Olumo rock, one of the most popular tourist destinations in Nigeria,
West Africa, sits in the ancient city center of Abeokuta – a name
which means “Under the rock”. Abeokuta was originally inhabited by the
egba people who found refuge at the Olumo rock during inter-tribal
wars in the 19th century. The rock provided sanctuary
Olumo Rock - An African Tourist Destination

to the people as well as a vantage point to monitor the enemy’s
advance leading to eventual triumph in war. The town of Abeokuta
eventually grew as these new settlers spread out from this location.

Abeokuta is just about an hours drive from the bustling metropolitan
city of Lagos providing convenient access to an array of hotels,
restaurants, clubs, casinos and various nightlife activities. Lagos is
also home to the closest airport to Abeokuta, the Murtala Muhammed
International Airport. Hotels in Abeokuta within minutes drive from
the rock include Gateway Hotel and Olumo Guest House.

Tourists to Africa definitely need to consider putting Olumo rock on
their travel plans. New renovations completed early 2006 upgraded the
infrastructure of the site to include a new museum, restaurants, water
fountain and an elevator that will provide even the
climbing-challenged a wonderful view of the surrounding city

The ancient Itoku market where local artisans and traders enjoy to
haggle over price just as much as the customers like to find a bargain
ies just outside the Olumo rock premises and is a must-see. The market
is the center of the indigenous Abeokuta industry of tie-and-dye,
locally known as adire. Adire crafters, usually women, both old and
young show off their designs in sheds alongside the roads. Behind
these sheds are buildings where many of these crafters live and work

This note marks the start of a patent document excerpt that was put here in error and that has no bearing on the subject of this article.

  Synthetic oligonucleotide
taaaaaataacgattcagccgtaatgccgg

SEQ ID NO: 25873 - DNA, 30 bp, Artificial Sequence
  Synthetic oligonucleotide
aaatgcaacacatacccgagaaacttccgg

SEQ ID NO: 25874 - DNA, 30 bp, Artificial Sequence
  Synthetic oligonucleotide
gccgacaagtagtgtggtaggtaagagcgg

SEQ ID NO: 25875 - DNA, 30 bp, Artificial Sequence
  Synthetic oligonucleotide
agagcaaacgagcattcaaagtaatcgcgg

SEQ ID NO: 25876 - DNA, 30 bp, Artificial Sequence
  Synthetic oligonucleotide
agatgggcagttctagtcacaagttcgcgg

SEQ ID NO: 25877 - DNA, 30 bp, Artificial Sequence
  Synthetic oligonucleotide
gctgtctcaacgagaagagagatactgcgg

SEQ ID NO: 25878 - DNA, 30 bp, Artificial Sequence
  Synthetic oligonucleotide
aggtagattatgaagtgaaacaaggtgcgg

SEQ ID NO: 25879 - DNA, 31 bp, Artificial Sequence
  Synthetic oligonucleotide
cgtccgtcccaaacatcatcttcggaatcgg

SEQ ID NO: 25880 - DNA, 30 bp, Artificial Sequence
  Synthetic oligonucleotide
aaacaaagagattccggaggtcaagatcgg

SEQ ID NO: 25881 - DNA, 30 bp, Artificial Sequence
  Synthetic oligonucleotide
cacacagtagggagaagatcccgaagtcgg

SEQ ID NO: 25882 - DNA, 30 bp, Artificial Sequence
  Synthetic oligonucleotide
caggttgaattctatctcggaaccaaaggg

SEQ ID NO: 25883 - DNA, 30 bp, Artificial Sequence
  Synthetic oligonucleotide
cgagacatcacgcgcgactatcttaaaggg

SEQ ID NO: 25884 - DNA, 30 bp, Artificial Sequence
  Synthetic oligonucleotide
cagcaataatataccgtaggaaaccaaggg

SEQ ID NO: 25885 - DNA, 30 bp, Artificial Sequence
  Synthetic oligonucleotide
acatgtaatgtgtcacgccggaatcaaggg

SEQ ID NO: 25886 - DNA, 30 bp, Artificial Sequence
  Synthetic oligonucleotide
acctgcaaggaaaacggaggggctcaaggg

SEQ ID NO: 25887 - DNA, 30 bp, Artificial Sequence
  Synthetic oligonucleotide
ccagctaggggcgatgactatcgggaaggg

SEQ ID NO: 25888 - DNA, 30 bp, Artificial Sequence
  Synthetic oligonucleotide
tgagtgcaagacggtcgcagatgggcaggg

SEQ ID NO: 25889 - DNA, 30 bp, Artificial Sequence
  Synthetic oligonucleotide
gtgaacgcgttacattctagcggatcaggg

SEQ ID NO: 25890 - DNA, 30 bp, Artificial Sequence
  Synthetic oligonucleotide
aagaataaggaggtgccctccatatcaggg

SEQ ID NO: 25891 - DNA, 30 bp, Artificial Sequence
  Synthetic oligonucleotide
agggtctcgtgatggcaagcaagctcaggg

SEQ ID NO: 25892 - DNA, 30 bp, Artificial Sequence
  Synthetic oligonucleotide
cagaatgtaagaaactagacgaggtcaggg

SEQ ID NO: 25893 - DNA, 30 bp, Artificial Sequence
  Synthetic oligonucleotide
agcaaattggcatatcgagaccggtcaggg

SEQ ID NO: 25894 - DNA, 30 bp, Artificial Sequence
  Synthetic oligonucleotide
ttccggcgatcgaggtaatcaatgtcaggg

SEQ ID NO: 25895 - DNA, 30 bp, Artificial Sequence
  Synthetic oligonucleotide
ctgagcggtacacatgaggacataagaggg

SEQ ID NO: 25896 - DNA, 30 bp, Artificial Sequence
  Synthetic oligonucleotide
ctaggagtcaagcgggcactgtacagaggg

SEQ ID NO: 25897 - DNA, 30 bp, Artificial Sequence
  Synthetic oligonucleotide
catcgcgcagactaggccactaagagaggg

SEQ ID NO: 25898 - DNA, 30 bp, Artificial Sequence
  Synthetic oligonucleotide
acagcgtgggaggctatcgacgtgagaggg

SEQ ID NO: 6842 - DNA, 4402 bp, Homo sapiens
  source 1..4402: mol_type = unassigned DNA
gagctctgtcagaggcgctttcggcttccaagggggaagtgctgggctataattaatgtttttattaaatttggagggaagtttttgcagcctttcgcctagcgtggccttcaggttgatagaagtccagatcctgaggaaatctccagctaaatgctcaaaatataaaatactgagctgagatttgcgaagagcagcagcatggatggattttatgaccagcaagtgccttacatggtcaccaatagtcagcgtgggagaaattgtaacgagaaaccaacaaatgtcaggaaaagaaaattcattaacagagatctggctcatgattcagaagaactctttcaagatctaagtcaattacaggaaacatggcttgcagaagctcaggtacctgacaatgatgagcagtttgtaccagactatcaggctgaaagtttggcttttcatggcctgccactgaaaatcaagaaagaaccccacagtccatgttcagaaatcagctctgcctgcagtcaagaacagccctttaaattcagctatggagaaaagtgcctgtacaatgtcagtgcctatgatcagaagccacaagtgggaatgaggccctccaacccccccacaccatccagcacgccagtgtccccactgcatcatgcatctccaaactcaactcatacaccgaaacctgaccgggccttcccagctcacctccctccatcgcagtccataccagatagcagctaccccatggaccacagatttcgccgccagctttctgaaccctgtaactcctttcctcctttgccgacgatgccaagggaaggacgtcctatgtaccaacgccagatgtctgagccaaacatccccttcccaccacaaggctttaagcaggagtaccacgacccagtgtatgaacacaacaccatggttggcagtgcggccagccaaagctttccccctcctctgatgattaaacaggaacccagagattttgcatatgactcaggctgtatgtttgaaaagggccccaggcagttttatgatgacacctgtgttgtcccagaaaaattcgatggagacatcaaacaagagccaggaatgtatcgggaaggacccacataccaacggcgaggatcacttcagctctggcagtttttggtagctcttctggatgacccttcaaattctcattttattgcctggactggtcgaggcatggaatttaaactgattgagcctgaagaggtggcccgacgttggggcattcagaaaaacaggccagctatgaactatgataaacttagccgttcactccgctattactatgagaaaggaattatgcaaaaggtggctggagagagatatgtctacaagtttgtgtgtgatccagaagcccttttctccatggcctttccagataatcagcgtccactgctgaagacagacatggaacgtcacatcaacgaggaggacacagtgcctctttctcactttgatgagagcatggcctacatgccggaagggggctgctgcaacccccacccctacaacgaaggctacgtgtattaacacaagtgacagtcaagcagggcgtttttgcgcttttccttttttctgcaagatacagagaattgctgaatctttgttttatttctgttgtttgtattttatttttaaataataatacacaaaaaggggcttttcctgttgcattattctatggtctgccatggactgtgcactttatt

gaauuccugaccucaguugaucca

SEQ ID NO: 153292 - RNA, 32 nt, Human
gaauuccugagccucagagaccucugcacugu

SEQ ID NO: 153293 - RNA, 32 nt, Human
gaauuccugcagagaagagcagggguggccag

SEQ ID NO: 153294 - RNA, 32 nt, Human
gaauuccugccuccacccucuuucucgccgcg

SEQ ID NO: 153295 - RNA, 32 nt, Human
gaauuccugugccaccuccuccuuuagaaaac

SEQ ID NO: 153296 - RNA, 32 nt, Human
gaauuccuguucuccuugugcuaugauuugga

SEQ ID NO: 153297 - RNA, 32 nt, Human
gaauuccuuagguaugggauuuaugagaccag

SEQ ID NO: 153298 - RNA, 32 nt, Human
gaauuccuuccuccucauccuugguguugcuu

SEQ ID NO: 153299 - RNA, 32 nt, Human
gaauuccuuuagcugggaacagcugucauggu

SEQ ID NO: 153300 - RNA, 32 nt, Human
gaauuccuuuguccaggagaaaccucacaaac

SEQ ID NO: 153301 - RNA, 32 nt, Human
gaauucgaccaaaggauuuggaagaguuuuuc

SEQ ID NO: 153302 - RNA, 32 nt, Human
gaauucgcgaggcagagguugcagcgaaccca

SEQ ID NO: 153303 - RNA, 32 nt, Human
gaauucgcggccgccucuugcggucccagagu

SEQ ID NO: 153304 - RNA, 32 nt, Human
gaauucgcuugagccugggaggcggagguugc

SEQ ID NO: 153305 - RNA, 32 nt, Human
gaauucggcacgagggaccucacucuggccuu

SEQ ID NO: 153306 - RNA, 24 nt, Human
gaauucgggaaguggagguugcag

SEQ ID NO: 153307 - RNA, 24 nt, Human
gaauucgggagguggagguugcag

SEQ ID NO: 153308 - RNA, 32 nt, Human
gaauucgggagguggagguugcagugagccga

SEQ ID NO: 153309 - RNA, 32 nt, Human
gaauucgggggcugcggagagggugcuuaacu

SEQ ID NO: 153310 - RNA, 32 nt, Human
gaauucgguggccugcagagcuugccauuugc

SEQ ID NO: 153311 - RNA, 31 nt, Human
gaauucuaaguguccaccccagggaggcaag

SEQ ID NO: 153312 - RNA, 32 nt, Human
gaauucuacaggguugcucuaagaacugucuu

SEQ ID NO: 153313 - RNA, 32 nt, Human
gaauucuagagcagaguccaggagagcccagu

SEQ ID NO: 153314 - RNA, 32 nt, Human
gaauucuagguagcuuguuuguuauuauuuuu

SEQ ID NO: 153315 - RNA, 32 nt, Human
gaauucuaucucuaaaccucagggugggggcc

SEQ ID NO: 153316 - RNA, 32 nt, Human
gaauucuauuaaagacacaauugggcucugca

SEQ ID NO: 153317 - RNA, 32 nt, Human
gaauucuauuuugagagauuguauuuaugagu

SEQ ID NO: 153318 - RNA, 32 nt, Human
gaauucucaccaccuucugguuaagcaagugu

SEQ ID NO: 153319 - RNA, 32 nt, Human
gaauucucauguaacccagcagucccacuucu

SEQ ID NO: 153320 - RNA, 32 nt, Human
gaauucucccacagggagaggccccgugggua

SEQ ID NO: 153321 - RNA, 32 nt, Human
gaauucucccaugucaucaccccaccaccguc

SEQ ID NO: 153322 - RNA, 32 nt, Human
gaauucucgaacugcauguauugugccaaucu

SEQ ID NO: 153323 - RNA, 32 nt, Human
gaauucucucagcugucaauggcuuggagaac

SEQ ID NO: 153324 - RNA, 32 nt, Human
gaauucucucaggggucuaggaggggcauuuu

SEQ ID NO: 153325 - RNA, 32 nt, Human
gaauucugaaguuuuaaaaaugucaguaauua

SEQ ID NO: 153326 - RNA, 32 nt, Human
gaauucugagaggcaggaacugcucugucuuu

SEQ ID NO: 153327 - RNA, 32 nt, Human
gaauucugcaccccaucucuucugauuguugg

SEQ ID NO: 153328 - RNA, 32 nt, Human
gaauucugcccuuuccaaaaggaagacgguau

and their parents before them. In places where the plaster has cracked
off the walls, you may see traces of the mud bricks used in the
original construction. The locals are very friendly and if asked, will
often give tourists and visitors informal tours of the dyeing
processes. Other popular items to watch out for include local beads,
bracelets, sculptures and musical instruments like the sekere and
talking drum.

A trip to Olumo rock usually commences with a climb up the man-made
stairs carved into the rock. While this sounds easy enough, it leaves
many breathless and ready to take a break to rest on the benches under
the trees growing from the rock and enjoy some clean breeze. The
journey continues with climbs on irregularly sized rocks (or ladders
which are now thankfully provided) through a narrow corridor that
leads to the top of the rock. All along the way, catch sights of
carvings in the rock, cowrie-studded statues and the ancient abode of
the priestesses who live in huts on the rock. And yes, it is not
uncommon to catch a sight of the very aged women who live there and
mutter greetings or blessings as people make their way through.

It is often helpful to enlist the services of a guide who possess vast
knowledge of the history of the rock and the culture of the people.
This makes for an interesting climb as every twist and turn will
reveal a significant story making the trip a truly memorable one.

On the way back down the rock, the sight of the Ogun river running
like a silver chain amidst a forest of aged red corrugated roofs
bordered by thick green forests which melt into the horizon is

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